UBC Faculty Research and Publications

Evaluation of Industrial Urea Energy Consumption (EC) Based on Life Cycle Assessment (LCA) Shi, Longyu; Liu, Lingyu; Yang, Bin; Sheng, Gonghan; Xu, Tong

Abstract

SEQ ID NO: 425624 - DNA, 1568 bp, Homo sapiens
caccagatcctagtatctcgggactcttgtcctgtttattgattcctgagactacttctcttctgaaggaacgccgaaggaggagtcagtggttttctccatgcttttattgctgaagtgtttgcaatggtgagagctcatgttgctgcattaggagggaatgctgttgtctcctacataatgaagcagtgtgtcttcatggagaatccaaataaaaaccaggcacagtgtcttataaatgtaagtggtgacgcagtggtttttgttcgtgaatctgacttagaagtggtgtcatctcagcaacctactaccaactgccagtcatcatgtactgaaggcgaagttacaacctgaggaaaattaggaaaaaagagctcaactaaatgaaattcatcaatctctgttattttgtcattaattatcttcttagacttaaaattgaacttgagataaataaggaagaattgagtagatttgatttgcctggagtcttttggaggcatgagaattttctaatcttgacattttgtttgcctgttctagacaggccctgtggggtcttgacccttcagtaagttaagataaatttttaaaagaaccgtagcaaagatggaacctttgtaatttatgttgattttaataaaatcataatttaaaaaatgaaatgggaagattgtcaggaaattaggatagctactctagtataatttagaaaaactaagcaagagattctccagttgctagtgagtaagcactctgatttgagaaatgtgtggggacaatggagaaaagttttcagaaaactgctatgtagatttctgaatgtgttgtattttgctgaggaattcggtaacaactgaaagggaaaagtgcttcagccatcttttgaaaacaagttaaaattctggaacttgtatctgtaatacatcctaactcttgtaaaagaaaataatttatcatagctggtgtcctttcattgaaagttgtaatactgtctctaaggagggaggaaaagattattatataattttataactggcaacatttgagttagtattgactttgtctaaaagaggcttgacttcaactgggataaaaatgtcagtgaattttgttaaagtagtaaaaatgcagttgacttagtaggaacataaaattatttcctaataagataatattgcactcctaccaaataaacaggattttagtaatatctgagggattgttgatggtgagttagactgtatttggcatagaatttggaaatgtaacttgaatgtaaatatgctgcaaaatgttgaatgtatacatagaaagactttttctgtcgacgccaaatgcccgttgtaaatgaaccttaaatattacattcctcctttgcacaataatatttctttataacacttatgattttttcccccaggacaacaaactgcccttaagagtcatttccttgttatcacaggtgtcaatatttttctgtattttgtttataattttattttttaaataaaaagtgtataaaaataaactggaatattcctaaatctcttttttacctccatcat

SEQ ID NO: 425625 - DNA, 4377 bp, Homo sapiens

With the increasingly prominent environmental problems and the decline of fossil fuel reserves, the reduction of energy consumption (EC) has become a common goal in the world. Urea industry is a typical energy-intensive chemical industry. However, studies just focus on the breakthrough of specific production technology or only consider the EC in the production stage. This results in a lack of evaluations of the life cycle of energy consumption (LcEC). In order to provide a systematic, scientific, and practical theoretical basis for the industrial upgrading and the energy transformation, LcEC of urea production and the greenhouse gas (GHG) emissions generated in the process of EC are studied in this paper. The results show that the average LcEC is about 30.1 GJ/t urea. The EC of the materials preparation stage, synthesis stage, and waste-treatment stage (ECRMP, ECPP, ECWD) is about 0.388 GJ/t urea, 24.8 GJ/t urea, and 4.92 GJ/t urea, accounting for 1.3%, 82.4%, and 16.3% of LcEC, respectively. Thus, the synthesis stage is a dominant energy-consumer, in which 15.4 GJ/t urea of energy, accounting for 62.0% of ECpp, supports steam consumption. According to the energy distribution analysis, it can be concluded that coal presents the primary energy in the process of urea production, which supports 94.4% of LcEC. The proportion of coal consumption is significantly higher than that of the average of 59% in China. Besides, the GHG emissions in the synthesis stage are obviously larger than that in the other stage, with an average of 2.18 t eq.CO₂/t urea, accounting for 81.3% of the life cycle of GHG (LcGHG) emissions. In detail, CO₂ is the dominant factor accounting for 90.0% of LcGHG emissions, followed by CH₄, while N₂O is negligible. Coal is the primary source of CO₂ emissions. The severe high proportion of coal consumption in the life cycle of urea production is responsible for this high CO₂ content of GHG emissions. Therefore, for industrial urea upgrading and energy transformation, reducing coal consumption will still be an important task for energy structure transformation. At the same time, the reformation of synthesis technologies, especially for steam energy-consuming technology, will mainly reduce the EC of the urea industry. Furthermore, the application of green energy will be conducive to a win-win situation for both economic and environmental benefits.

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